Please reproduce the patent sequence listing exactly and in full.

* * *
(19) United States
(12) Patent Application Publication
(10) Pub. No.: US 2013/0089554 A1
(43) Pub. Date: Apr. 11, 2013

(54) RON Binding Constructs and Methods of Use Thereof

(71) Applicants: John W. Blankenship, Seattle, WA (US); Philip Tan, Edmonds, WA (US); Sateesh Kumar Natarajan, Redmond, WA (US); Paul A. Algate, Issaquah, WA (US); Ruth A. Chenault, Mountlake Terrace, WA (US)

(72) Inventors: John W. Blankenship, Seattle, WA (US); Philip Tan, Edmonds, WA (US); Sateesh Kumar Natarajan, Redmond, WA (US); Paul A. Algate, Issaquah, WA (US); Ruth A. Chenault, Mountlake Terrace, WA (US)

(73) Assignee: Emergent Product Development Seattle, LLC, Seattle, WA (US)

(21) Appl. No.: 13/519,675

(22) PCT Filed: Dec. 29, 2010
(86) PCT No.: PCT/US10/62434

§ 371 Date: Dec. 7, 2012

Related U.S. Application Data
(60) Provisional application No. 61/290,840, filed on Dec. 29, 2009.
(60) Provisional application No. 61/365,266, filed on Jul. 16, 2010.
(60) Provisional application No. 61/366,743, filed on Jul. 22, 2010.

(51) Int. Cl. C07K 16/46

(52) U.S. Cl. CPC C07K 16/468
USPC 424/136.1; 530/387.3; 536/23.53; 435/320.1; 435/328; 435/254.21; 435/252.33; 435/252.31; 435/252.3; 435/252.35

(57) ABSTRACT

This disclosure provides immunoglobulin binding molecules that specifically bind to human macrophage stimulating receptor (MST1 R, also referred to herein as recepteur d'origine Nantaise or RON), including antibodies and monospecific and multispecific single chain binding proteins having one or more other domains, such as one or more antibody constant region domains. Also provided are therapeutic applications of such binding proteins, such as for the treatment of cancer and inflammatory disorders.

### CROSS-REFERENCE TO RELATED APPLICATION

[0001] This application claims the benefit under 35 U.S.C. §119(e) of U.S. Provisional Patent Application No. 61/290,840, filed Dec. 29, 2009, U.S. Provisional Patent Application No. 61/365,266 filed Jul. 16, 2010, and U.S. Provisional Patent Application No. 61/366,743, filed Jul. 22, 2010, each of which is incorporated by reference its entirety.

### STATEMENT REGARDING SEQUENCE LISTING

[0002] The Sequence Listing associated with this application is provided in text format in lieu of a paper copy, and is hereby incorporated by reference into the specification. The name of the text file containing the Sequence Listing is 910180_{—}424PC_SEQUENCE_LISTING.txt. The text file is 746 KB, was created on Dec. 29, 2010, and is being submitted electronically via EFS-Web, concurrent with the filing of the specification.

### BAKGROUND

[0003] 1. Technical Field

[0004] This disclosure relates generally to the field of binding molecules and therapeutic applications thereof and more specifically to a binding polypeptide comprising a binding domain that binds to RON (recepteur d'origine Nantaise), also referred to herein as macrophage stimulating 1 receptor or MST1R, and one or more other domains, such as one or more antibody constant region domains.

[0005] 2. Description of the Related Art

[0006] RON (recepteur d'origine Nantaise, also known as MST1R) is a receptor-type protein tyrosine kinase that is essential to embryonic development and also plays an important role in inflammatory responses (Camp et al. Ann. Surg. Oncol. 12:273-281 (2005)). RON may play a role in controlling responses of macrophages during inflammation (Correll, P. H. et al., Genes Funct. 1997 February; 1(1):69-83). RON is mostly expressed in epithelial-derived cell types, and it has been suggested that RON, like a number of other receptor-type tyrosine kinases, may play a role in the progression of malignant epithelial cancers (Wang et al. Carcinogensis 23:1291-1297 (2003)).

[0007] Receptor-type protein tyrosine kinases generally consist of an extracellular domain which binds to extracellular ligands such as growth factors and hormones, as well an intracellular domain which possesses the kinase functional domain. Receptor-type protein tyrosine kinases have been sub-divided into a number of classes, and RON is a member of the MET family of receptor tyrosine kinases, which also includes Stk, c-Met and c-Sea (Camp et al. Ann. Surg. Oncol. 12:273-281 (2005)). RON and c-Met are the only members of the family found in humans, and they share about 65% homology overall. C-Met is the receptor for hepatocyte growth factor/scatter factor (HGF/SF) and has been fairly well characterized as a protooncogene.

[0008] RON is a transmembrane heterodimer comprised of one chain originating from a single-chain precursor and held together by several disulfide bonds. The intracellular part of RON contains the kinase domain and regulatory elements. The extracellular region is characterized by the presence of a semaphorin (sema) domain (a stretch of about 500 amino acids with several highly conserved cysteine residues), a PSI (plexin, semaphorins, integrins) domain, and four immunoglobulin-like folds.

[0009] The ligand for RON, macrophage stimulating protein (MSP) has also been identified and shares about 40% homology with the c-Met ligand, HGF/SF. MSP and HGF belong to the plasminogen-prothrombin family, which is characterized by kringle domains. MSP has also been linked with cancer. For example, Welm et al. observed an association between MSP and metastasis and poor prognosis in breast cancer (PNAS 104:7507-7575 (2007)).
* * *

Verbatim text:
(19) United States
(12) Patent Application Publication
(10) Pub. No.: US 2013/0089554 A1
(43) Pub. Date: Apr. 11, 2013

(54) RON Binding Constructs and Methods of Use Thereof

(71) Applicants: John W. Blankenship, Seattle, WA (US); Philip Tan, Edmonds, WA (US); Sateesh Kumar Natarajan, Redmond, WA (US); Paul A. Algate, Issaquah, WA (US); Ruth A. Chenault, Mountlake Terrace, WA (US)

(72) Inventors: John W. Blankenship, Seattle, WA (US); Philip Tan, Edmonds, WA (US); Sateesh Kumar Natarajan, Redmond, WA (US); Paul A. Algate, Issaquah, WA (US); Ruth A. Chenault, Mountlake Terrace, WA (US)

(73) Assignee: Emergent Product Development Seattle, LLC, Seattle, WA (US)

(21) Appl. No.: 13/519,675

(22) PCT Filed: Dec. 29, 2010
(86) PCT No.: PCT/US10/62434

§ 371 Date: Dec. 7, 2012

Related U.S. Application Data
(60) Provisional application No. 61/290,840, filed on Dec. 29, 2009.
(60) Provisional application No. 61/365,266, filed on Jul. 16, 2010.
(60) Provisional application No. 61/366,743, filed on Jul. 22, 2010.

(51) Int. Cl. C07K 16/46

(52) U.S. Cl. CPC C07K 16/468
USPC 424/136.1; 530/387.3; 536/23.53; 435/320.1; 435/328; 435/254.21; 435/252.33; 435/252.31; 435/252.3; 435/252.35

(57) ABSTRACT

This disclosure provides immunoglobulin binding molecules that specifically bind to human macrophage stimulating receptor (MST1 R, also referred to herein as recepteur d'origine Nantaise or RON), including antibodies and monospecific and multispecific single chain binding proteins having one or more other domains, such as one or more antibody constant region domains. Also provided are therapeutic applications of such binding proteins, such as for the treatment of cancer and inflammatory disorders.

### CROSS-REFERENCE TO RELATED APPLICATION

[0001] This application claims the benefit under 35 U.S.C. §119(e) of U.S. Provisional Patent Application No. 61/290,840, filed Dec. 29, 2009, U.S. Provisional Patent Application No. 61/365,266 filed Jul. 16, 2010, and U.S. Provisional Patent Application No. 61/366,743, filed Jul. 22, 2010, each of which is incorporated by reference its entirety.

### STATEMENT REGARDING SEQUENCE LISTING

[0002] The Sequence Listing associated with this application is provided in text format in lieu of a paper copy, and is hereby incorporated by reference into the specification. The name of the text file containing the Sequence Listing is 910180_{—}424PC_SEQUENCE_LISTING.txt. The text file is 746 KB, was created on Dec. 29, 2010, and is being submitted electronically via EFS-Web, concurrent with the filing of the specification.

### BAKGROUND

[0003] 1. Technical Field

[0004] This disclosure relates generally to the field of binding molecules and therapeutic applications thereof and more specifically to a binding polypeptide comprising a binding domain that binds to RON (recepteur d'origine Nantaise), also referred to herein as macrophage stimulating 1 receptor or MST1R, and one or more other domains, such as one or more antibody constant region domains.

[0005] 2. Description of the Related Art

[0006] RON (recepteur d'origine Nantaise, also known as MST1R) is a receptor-type protein tyrosine kinase that is essential to embryonic development and also plays an important role in inflammatory responses (Camp et al. Ann. Surg. Oncol. 12:273-281 (2005)). RON may play a role in controlling responses of macrophages during inflammation (Correll, P. H. et al., Genes Funct. 1997 February; 1(1):69-83). RON is mostly expressed in epithelial-derived cell types, and it has been suggested that RON, like a number of other receptor-type tyrosine kinases, may play a role in the progression of malignant epithelial cancers (Wang et al. Carcinogensis 23:1291-1297 (2003)).

[0007] Receptor-type protein tyrosine kinases generally consist of an extracellular domain which binds to extracellular ligands such as growth factors and hormones, as well an intracellular domain which possesses the kinase functional domain. Receptor-type protein tyrosine kinases have been sub-divided into a number of classes, and RON is a member of the MET family of receptor tyrosine kinases, which also includes Stk, c-Met and c-Sea (Camp et al. Ann. Surg. Oncol. 12:273-281 (2005)). RON and c-Met are the only members of the family found in humans, and they share about 65% homology overall. C-Met is the receptor for hepatocyte growth factor/scatter factor (HGF/SF) and has been fairly well characterized as a protooncogene.

[0008] RON is a transmembrane heterodimer comprised of one chain originating from a single-chain precursor and held together by several disulfide bonds. The intracellular part of RON contains the kinase domain and regulatory elements. The extracellular region is characterized by the presence of a semaphorin (sema) domain (a stretch of about 500 amino acids with several highly conserved cysteine residues), a PSI (plexin, semaphorins, integrins) domain, and four immunoglobulin-like folds.

[0009] The ligand for RON, macrophage stimulating protein (MSP) has also been identified and shares about 40% homology with the c-Met ligand, HGF/SF. MSP and HGF belong to the plasminogen-prothrombin family, which is characterized by kringle domains. MSP has also been linked with cancer. For example, Welm et al. observed an association between MSP and metastasis and poor prognosis in breast cancer (PNAS 104:7507-7575 (2007)).